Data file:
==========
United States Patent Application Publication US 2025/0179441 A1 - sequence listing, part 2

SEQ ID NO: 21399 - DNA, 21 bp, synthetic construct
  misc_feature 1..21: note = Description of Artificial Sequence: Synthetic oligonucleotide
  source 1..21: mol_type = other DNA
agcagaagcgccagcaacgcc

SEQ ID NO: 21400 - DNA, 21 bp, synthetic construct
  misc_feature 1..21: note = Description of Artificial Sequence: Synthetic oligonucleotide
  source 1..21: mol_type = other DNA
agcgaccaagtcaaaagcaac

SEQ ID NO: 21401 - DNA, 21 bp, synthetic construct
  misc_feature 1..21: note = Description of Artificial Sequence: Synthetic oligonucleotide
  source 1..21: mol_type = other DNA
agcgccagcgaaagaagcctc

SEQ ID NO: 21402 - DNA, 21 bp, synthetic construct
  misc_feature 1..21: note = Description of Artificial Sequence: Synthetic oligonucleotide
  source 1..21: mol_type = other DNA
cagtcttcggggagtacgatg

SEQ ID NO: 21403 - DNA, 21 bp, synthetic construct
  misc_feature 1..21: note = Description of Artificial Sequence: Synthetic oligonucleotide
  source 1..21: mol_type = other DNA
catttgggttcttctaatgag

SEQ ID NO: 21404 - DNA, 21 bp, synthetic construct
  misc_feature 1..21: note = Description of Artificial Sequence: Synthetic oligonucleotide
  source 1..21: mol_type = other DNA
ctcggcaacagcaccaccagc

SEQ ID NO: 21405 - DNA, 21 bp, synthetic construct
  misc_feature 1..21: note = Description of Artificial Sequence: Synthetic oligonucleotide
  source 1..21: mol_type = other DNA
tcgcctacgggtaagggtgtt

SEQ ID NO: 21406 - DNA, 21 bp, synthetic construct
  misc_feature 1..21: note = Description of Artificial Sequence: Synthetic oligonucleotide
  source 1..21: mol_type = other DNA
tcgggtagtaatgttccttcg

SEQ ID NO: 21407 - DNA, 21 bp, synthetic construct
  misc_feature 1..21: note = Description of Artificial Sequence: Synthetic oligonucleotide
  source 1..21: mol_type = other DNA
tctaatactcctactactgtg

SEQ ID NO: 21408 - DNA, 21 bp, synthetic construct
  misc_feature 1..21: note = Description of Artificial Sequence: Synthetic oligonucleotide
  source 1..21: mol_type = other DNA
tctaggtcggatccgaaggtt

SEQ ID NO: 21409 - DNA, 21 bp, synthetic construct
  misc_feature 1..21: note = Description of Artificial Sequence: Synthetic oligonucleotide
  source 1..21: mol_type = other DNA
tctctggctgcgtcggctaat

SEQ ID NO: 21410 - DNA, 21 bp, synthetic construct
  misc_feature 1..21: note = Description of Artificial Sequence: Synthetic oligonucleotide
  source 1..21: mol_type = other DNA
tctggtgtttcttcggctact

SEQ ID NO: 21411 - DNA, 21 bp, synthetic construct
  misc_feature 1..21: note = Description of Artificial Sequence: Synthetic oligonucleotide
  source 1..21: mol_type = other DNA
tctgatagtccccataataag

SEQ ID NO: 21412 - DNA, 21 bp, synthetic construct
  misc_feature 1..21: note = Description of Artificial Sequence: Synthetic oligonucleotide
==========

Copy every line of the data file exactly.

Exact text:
United States Patent Application Publication US 2025/0179441 A1 - sequence listing, part 2

SEQ ID NO: 21399 - DNA, 21 bp, synthetic construct
  misc_feature 1..21: note = Description of Artificial Sequence: Synthetic oligonucleotide
  source 1..21: mol_type = other DNA
agcagaagcgccagcaacgcc

SEQ ID NO: 21400 - DNA, 21 bp, synthetic construct
  misc_feature 1..21: note = Description of Artificial Sequence: Synthetic oligonucleotide
  source 1..21: mol_type = other DNA
agcgaccaagtcaaaagcaac

SEQ ID NO: 21401 - DNA, 21 bp, synthetic construct
  misc_feature 1..21: note = Description of Artificial Sequence: Synthetic oligonucleotide
  source 1..21: mol_type = other DNA
agcgccagcgaaagaagcctc

SEQ ID NO: 21402 - DNA, 21 bp, synthetic construct
  misc_feature 1..21: note = Description of Artificial Sequence: Synthetic oligonucleotide
  source 1..21: mol_type = other DNA
cagtcttcggggagtacgatg

SEQ ID NO: 21403 - DNA, 21 bp, synthetic construct
  misc_feature 1..21: note = Description of Artificial Sequence: Synthetic oligonucleotide
  source 1..21: mol_type = other DNA
catttgggttcttctaatgag

SEQ ID NO: 21404 - DNA, 21 bp, synthetic construct
  misc_feature 1..21: note = Description of Artificial Sequence: Synthetic oligonucleotide
  source 1..21: mol_type = other DNA
ctcggcaacagcaccaccagc

SEQ ID NO: 21405 - DNA, 21 bp, synthetic construct
  misc_feature 1..21: note = Description of Artificial Sequence: Synthetic oligonucleotide
  source 1..21: mol_type = other DNA
tcgcctacgggtaagggtgtt

SEQ ID NO: 21406 - DNA, 21 bp, synthetic construct
  misc_feature 1..21: note = Description of Artificial Sequence: Synthetic oligonucleotide
  source 1..21: mol_type = other DNA
tcgggtagtaatgttccttcg

SEQ ID NO: 21407 - DNA, 21 bp, synthetic construct
  misc_feature 1..21: note = Description of Artificial Sequence: Synthetic oligonucleotide
  source 1..21: mol_type = other DNA
tctaatactcctactactgtg

SEQ ID NO: 21408 - DNA, 21 bp, synthetic construct
  misc_feature 1..21: note = Description of Artificial Sequence: Synthetic oligonucleotide
  source 1..21: mol_type = other DNA
tctaggtcggatccgaaggtt

SEQ ID NO: 21409 - DNA, 21 bp, synthetic construct
  misc_feature 1..21: note = Description of Artificial Sequence: Synthetic oligonucleotide
  source 1..21: mol_type = other DNA
tctctggctgcgtcggctaat

SEQ ID NO: 21410 - DNA, 21 bp, synthetic construct
  misc_feature 1..21: note = Description of Artificial Sequence: Synthetic oligonucleotide
  source 1..21: mol_type = other DNA
tctggtgtttcttcggctact

SEQ ID NO: 21411 - DNA, 21 bp, synthetic construct
  misc_feature 1..21: note = Description of Artificial Sequence: Synthetic oligonucleotide
  source 1..21: mol_type = other DNA
tctgatagtccccataataag

SEQ ID NO: 21412 - DNA, 21 bp, synthetic construct
  misc_feature 1..21: note = Description of Artificial Sequence: Synthetic oligonucleotide